Commenting on the discriminatory policy against students, the spokesperson stated that since the outbreak of the Coronavirus epidemic (Covid-19), the discriminatory practices of the authorities of the Princess against Taiwanese on the mainland, as well as students and children from families living on the mainland, have seriously undermined the legitimate rights and interests of these groups and constituted inhuman political manipulation.
Taiwan is also pursuing a sociocultural policy of liberalization based on Western “values”. The Minister without Portfolio Lo Ping-cheng said the previous day that the Territory would do more to promote “human rights”.
At the same time, the aforementioned Su Tseng-chang released the nation’s third human rights report. He calls the legalization of same-sex marriage and the decriminalization of adultery one of the “achievements” in the field of human rights. The previous day, as a sign of confirmation of its pro-Western course, Taiwan proudly announced the holding of an LGBT parade.
Thus, a simple fight in parliament goes far beyond a simple domestic political conflict. It is important for the separatist forces in Taiwan to break Gomindang’s resistance and show that the party is in crisis after it failed to win the presidential and parliamentary elections in January 2020. This will ensure that the island will continue to drift towards declaring formal independence from China.
Among the foreign policy forces, the United States is the main actor supporting the separatist Taiwanese authorities.
“According to some Taiwan media outlets, US military aircraft have showed up in the airspace surrounding Taiwan for nine consecutive days and the PLA Air Force also sent fighter jets and bombers conducting at least 11 patrol missions around the island in June, according to Taiwan media reports”, the Global Times writes.
Also as a sign of support to Taiwan, the US Army released footage of “joint military training” of the American and Taiwanese military. In response, the Global Times voiced the opinion of experts who stated that US actions increase the probability of military operations against Taiwanese separatists: the island’s military provided evidence that it was the US and the separatist authorities on the island that first changed the status quo and provoked the mainland, and that if the mainland launches a military operation to reunify with Taiwan some day, the US and Taiwan will bear full responsibility, the experts noted.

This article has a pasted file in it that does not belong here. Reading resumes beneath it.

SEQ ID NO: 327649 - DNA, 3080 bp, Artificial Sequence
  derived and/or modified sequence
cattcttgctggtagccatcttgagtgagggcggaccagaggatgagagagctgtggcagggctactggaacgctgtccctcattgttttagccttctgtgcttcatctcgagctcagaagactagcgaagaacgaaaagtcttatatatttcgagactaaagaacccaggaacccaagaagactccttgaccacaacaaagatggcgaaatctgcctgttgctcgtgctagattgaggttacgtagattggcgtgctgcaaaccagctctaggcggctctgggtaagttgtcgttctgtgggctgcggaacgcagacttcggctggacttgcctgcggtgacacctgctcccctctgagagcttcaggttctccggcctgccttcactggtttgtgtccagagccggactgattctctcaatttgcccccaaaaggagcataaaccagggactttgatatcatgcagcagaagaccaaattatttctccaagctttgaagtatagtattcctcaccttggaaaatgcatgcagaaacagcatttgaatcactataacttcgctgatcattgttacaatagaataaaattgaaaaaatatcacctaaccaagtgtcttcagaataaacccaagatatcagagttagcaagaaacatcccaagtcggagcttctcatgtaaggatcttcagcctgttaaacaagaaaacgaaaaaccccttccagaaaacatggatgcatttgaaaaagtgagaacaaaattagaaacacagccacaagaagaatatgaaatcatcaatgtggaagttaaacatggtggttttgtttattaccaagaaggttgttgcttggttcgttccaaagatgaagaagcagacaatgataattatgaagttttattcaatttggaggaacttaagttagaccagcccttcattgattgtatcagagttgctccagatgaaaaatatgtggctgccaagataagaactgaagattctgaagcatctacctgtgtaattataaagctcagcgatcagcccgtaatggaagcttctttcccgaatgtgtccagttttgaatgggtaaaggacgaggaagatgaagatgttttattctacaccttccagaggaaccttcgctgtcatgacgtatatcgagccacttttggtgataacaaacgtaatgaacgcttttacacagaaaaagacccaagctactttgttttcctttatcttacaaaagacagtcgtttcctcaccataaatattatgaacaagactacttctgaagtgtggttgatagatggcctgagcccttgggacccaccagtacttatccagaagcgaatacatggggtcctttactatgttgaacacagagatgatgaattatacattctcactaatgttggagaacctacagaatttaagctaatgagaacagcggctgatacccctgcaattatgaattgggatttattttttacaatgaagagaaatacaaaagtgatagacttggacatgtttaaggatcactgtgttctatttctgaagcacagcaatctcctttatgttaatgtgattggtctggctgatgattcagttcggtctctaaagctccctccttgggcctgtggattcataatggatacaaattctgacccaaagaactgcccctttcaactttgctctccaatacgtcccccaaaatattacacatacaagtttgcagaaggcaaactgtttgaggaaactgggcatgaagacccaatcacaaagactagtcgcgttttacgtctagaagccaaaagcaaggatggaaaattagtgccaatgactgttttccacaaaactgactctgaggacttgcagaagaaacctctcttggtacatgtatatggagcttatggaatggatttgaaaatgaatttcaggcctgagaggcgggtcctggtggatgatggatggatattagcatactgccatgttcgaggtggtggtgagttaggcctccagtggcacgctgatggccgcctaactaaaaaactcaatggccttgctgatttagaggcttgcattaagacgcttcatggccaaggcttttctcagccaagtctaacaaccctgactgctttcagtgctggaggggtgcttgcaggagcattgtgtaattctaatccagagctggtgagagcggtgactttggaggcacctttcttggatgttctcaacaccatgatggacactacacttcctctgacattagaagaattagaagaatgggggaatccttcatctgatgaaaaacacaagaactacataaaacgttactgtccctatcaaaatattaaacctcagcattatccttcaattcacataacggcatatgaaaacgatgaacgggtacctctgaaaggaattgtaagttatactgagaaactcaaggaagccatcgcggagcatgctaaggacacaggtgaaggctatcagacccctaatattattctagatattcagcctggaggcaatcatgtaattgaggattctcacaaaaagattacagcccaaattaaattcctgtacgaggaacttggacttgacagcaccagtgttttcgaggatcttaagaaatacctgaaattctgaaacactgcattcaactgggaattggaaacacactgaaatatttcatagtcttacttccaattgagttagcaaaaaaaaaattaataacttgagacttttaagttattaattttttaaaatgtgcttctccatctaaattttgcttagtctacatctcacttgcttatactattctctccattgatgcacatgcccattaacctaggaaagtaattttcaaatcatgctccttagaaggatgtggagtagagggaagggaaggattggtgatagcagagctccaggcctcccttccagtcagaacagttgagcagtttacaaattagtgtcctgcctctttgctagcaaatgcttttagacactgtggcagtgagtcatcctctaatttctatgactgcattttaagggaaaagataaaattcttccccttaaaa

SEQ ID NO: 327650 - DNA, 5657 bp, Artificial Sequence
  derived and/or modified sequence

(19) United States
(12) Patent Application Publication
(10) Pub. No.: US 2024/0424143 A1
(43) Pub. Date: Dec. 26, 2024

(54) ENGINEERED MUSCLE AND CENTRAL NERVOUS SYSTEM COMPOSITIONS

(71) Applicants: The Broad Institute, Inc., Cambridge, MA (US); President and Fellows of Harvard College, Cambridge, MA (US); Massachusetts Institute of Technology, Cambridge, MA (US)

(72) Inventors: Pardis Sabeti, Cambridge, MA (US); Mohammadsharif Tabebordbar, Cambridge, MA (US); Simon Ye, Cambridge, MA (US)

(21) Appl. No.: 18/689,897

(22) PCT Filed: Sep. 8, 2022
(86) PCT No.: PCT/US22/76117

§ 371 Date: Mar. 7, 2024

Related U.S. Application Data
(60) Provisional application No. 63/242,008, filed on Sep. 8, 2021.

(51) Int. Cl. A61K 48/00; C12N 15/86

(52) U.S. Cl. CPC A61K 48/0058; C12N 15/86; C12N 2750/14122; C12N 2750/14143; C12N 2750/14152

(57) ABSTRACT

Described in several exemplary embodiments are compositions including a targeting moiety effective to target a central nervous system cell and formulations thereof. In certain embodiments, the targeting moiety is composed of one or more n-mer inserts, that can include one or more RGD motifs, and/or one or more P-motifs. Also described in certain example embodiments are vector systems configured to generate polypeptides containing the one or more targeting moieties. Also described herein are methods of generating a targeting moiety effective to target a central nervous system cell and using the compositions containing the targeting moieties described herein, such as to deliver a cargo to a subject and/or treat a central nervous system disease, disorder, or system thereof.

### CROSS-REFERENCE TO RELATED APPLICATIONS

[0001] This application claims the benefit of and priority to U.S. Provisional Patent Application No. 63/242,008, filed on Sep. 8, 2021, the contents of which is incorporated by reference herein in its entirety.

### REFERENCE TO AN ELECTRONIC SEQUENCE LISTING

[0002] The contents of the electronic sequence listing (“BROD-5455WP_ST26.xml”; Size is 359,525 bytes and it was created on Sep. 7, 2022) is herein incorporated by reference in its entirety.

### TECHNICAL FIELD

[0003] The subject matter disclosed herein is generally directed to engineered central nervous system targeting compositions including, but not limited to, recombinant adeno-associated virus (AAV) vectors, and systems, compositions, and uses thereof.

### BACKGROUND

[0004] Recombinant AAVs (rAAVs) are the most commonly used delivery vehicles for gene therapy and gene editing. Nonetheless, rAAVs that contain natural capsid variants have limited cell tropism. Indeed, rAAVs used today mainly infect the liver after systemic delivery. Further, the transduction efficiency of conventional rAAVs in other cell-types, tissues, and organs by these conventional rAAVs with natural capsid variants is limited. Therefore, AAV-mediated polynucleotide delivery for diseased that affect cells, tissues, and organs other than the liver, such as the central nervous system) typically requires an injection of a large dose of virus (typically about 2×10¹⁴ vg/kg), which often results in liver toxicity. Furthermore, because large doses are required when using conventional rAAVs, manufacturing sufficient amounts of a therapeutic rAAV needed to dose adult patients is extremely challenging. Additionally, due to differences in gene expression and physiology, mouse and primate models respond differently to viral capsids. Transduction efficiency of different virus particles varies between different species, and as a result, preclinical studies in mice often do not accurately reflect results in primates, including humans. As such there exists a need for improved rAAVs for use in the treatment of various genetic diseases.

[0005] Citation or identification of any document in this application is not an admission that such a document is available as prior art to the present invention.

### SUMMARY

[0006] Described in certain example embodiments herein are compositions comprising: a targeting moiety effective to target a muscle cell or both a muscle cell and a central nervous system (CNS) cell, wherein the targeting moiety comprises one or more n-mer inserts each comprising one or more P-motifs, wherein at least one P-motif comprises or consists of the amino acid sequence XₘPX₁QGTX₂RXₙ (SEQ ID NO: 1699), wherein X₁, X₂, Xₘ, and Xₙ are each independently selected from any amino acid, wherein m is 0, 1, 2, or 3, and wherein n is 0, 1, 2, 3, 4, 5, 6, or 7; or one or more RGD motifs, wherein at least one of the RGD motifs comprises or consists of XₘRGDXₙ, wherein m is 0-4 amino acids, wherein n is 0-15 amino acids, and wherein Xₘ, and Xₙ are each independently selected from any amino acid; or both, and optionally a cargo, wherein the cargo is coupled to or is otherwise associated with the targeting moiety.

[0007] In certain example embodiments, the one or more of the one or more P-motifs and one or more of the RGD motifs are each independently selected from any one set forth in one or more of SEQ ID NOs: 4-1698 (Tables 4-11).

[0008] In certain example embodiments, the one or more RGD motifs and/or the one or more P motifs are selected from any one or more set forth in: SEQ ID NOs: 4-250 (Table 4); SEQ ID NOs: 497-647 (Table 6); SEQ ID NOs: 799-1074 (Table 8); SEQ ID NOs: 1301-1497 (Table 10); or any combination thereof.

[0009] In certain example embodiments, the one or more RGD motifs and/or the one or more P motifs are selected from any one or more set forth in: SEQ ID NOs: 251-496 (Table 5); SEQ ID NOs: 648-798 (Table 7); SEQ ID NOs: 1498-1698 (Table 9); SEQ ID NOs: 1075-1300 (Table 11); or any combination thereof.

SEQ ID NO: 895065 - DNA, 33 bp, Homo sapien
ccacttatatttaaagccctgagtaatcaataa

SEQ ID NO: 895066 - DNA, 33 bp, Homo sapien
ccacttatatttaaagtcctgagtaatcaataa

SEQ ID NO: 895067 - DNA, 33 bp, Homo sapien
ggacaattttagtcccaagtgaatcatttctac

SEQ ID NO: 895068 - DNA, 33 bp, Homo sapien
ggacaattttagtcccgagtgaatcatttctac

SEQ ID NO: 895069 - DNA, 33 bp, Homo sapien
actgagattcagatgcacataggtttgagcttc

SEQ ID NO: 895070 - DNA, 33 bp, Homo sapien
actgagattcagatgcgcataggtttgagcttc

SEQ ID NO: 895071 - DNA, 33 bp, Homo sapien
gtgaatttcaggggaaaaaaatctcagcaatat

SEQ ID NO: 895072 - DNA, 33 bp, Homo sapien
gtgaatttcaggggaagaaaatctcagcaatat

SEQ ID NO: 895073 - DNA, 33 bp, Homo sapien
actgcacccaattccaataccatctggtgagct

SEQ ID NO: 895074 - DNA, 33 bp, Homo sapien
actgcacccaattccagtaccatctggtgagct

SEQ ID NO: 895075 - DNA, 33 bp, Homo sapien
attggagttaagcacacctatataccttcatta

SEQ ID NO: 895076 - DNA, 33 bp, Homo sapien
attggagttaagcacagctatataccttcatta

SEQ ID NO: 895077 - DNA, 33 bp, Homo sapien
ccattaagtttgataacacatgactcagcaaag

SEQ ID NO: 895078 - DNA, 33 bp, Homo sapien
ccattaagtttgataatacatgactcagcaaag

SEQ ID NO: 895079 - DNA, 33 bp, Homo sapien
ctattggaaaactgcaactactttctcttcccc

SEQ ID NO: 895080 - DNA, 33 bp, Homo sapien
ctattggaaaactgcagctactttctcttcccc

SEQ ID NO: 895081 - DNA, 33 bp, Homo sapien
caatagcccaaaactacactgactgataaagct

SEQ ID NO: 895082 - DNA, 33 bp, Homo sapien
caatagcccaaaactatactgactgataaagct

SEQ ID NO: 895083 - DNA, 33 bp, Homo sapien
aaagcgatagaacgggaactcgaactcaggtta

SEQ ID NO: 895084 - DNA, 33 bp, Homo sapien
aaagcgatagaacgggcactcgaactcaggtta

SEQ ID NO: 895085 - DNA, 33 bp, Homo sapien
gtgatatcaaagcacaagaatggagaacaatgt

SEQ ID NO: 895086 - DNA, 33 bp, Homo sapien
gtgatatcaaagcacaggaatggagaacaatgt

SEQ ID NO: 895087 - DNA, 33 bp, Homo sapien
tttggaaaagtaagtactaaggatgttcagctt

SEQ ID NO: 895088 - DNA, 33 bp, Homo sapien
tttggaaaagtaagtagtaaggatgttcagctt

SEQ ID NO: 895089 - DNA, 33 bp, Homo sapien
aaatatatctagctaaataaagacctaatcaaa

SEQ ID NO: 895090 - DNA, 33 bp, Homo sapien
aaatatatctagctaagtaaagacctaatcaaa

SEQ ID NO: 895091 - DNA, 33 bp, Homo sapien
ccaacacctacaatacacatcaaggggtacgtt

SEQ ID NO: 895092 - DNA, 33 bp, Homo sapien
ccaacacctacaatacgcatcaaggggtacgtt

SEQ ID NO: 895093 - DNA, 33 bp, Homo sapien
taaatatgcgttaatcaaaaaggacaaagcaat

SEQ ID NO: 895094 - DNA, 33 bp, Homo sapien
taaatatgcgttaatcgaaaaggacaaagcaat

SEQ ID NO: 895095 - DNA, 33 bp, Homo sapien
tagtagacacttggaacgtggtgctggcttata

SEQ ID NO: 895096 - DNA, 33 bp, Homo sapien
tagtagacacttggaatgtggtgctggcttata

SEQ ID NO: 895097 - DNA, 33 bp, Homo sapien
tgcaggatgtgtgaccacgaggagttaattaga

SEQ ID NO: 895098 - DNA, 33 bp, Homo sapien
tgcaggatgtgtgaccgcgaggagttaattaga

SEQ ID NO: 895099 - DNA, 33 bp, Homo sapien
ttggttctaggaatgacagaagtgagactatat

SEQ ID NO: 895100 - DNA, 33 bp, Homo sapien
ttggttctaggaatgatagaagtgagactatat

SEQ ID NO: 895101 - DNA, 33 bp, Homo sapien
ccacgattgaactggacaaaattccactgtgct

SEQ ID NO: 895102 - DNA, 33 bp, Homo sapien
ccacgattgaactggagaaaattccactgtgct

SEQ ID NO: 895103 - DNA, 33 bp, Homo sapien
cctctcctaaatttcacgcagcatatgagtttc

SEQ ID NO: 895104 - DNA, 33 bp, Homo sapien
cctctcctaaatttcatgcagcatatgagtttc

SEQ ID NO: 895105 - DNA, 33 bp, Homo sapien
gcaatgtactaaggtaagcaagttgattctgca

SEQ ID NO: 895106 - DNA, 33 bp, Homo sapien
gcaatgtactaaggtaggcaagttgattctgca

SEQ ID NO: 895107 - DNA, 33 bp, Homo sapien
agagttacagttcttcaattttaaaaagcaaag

Despite the epidemic, China has to spend a significant part of its budget on military security.
Last month, Chinese Prime Minister Li Keqiang announced that this year’s military budget will increase by 6.6%, to nearly $180 billion, which is about a quarter of the US’ defense budget.
By the end of last year, China was believed to have at least 335 warships, more than the United States, of which there were 285, as the Americans themselves admit, according to a report published last month by the Congressional Research Service in Washington.
The report said China now poses “a major challenge to the U.S. Navy’s ability to achieve and maintain wartime control of blue-water ocean areas in the Western Pacific — the first such challenge the U.S. Navy has faced since the end of the Cold War.”
The US has been pursuing an anti-Chinese strategy in Taiwan for decades. However, now the island finds itself at the center of growing American-Chinese contradictions.
If we follow US foreign policy rhetoric, we can list 3 areas that relate to China’s direct sovereign rights, which Washington uses to put pressure on Beijing: the Xinjiang Uyghur Autonomous Region, the Hong Kong Special Administrative Region and Taiwan Island. All of these areas are extremely painful for Beijing, as they are aimed at destabilizing China internally and isolating it from outside the country, along with sanctions.
It can be predicted that the US will continue to actively use Taiwan as a pain point against China. This will help maintain constant tension in the region.
The policy of supporting Taiwan’s separatist forces, which leave no chance to solve the problem in the spirit of “one country-two systems”, will have the same results. All of this increases China’s chances of having to resolve the Taiwan problem militarily, which may become a prologue for a truly global conflict.